The answer to every legal question is: "It depends." Photographing nature, even in a National Park may be one thing, but under federal copyright law, photographing someone's artwork (the work is most likely copyrighted) is another thing entirely. Think of it this way - - photographing and selling your prints of Half Dome in Yosemite v. photographing (copying) and selling prints of Ansel Adams' photograph of Half Dome in Yosemite. That is essentially the issue here in lurid 3-D. It might cost you a percentage, but I'd suggest contacting the sculptor and seeing what kind of license arrangement you can get -- artist to artist you'd get some respect for at least asking. Anyway, no legal advice intended or implied . . . yada, yada, yada.
-- Donald Brewster (email@example.com), June 28, 2000.
I would certainly ask and be friendly about it, and maybe it might turn into a collaboration.
Didn't one of the professional organizations win a case some time ago involving a photographer who photographed the Rock & Roll Hall of Fame in Cleveland for commercial purposes? The H.O.F. claimed exclusive rights to sell images of its structure, but the court upheld the photog's right to photograph a building visible in the public space.
Nonetheless, it would be much more interesting and productive to collaborate with the sculptor, if you really like the work and the sculptor is amenable, than it would be to assert the right just to sell a few postcards.
-- David Goldfarb (firstname.lastname@example.org), June 28, 2000.
Whenever this issue comes up, I like to post the above by a prominent copyright attorney on "Travel Photography and the Law," with material that applies here. The copyright to that sculpture undoubtedly (w/o legal opinion intended) belongs to the artist; as you will read, even buildings constructed after a certain date hold copyright. Maybe this is why we photograph so many anonymous rocks and trees!
-- David Stein (DFStein@aol.com), June 28, 2000.
With golfer Tiger Woods having recently lost a suit trying to keep a painter from selling litho prints of a painting he did of Woods, the decisions are all over the place. But, shoot it in a public place & you can 'most likely' sell prints of it though not use it in an ad. Check with your attorney, or more specifically, one who specializes in intellectual property(many attorneys don't understand it and some don't know what it is either).
-- Dan Smith (email@example.com), June 29, 2000.
I suggest that you contact the local ASMP chapter. They should be able to recommend a lawyer with experience in this area.
-- Bruce M. Herman (firstname.lastname@example.org), June 29, 2000.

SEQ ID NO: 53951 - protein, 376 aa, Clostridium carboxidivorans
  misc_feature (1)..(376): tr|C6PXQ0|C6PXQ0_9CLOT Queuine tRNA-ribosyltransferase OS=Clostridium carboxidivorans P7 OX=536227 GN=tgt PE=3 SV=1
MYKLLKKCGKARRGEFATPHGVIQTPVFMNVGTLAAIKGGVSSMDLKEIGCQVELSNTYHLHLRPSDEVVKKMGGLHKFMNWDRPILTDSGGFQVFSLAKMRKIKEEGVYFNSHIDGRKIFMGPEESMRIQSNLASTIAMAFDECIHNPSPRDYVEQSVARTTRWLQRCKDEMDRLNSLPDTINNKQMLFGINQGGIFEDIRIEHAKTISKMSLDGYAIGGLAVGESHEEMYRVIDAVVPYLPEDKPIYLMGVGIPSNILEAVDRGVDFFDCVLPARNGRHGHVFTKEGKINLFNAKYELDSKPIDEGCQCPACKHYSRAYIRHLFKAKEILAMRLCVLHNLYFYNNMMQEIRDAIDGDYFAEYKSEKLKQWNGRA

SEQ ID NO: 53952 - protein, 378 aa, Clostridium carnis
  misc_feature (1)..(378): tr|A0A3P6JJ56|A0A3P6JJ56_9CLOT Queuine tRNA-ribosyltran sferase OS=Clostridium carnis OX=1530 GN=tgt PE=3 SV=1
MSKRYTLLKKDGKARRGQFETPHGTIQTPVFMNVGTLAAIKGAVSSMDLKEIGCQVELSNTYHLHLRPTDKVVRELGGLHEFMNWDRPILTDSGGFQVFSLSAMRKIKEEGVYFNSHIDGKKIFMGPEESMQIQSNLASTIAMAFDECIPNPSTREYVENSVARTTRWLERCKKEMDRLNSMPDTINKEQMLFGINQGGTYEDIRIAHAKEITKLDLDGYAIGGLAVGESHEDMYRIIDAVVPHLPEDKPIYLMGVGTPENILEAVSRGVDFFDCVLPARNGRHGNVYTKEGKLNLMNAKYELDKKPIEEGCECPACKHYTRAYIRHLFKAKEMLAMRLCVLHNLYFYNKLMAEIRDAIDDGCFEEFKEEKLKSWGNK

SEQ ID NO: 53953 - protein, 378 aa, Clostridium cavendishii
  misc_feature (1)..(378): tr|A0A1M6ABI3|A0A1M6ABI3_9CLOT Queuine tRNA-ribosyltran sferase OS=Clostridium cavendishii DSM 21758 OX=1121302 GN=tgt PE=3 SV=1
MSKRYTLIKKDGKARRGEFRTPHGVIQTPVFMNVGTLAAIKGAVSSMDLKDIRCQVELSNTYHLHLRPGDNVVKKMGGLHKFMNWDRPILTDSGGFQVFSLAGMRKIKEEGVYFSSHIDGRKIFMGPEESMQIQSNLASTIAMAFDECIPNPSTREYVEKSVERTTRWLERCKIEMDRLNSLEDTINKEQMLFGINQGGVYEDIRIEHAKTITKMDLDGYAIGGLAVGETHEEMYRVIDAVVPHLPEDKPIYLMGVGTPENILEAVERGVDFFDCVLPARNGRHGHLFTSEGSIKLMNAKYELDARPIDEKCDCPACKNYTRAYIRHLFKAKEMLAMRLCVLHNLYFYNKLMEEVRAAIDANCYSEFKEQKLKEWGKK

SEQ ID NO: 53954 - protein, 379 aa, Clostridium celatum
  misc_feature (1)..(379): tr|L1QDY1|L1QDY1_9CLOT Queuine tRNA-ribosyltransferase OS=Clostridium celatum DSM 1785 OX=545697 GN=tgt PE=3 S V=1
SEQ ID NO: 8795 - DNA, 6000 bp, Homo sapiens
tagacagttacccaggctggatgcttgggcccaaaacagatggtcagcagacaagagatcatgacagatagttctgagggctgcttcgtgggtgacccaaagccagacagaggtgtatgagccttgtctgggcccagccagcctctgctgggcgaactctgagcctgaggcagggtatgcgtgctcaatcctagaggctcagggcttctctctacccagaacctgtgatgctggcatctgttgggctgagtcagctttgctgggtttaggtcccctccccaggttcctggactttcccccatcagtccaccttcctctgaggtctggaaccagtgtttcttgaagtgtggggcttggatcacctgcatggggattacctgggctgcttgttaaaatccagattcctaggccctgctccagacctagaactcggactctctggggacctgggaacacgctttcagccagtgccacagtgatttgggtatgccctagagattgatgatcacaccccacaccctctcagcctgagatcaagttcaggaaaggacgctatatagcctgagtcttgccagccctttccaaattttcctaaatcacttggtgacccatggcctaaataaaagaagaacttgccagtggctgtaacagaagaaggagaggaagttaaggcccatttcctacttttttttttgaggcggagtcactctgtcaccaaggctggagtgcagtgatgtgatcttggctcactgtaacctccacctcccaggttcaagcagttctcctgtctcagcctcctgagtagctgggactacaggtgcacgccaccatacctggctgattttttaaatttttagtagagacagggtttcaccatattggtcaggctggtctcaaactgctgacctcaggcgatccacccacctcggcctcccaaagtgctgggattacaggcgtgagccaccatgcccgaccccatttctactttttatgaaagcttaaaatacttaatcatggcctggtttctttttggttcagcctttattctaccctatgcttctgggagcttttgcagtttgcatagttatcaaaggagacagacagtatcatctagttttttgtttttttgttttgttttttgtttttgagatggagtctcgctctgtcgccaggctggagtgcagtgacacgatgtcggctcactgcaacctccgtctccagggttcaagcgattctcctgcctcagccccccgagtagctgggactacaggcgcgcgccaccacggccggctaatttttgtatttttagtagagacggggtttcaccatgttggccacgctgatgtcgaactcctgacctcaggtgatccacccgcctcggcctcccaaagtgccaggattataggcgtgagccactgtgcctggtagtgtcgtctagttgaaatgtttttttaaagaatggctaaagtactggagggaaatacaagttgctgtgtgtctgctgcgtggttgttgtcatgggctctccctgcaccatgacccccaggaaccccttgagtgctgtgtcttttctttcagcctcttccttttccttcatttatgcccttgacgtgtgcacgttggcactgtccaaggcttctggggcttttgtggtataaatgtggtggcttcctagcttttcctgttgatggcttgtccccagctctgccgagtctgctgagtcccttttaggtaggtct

Whats ASMP ?
-- Paul Mongillo (email@example.com), June 29, 2000.
What nobody has touched on yet, is the tremendous cost of defending yourself against a lawsuit. Sometimes the only way to win, is to not play.
-- Bruce Gavin (firstname.lastname@example.org), June 29, 2000.
Thank you all for your responses and very helful links to other pages. I'm convinced after reading your responses and checking the suggested links that I definately need to get ahold of the Freemont Troll artist before doing anything else with this negative an print. He obviously needs to be on board regarding any income that might be generated from my photograph. I have found his name and phone number and plan on contacting him this evening.
-- Paul Mongillo (email@example.com), June 29, 2000.
Was a copyright notice prominantly placed or near the statue? Selling occasional " art" prints of an image usually is okay. making a POSTER AND DISTRIBUTING THOUSANDS OR SELLING THE IMAGE FOR USE IN ADVERTISING USUALLY REQUIRES A LICENSE. Your best bet is to contact the artist or his or her estate and ask. Whether it is located in public or private space is not the issue. "The Cadillac Ranch" near Amarillo is located within viewing distance of an interstate highway, daily probably dozens if not hundreds of people stop and make photographs of it. Some of those people are professionals. There is a copyright notice leading up to the installation. I tracked down the artists who created the installation (A collective known as"The Ant Farm") and asked and was glad I did as they are vigilant about protecting their copyright and getting royalties when the image is used in a commercial fashion. They retain an attorney to handle this for them. My images went to my stock agency with a clear notice that any commercial (i.e advertising as opposed to editorial or educational) usage would have to be okayed and licensed by The Ant Farm.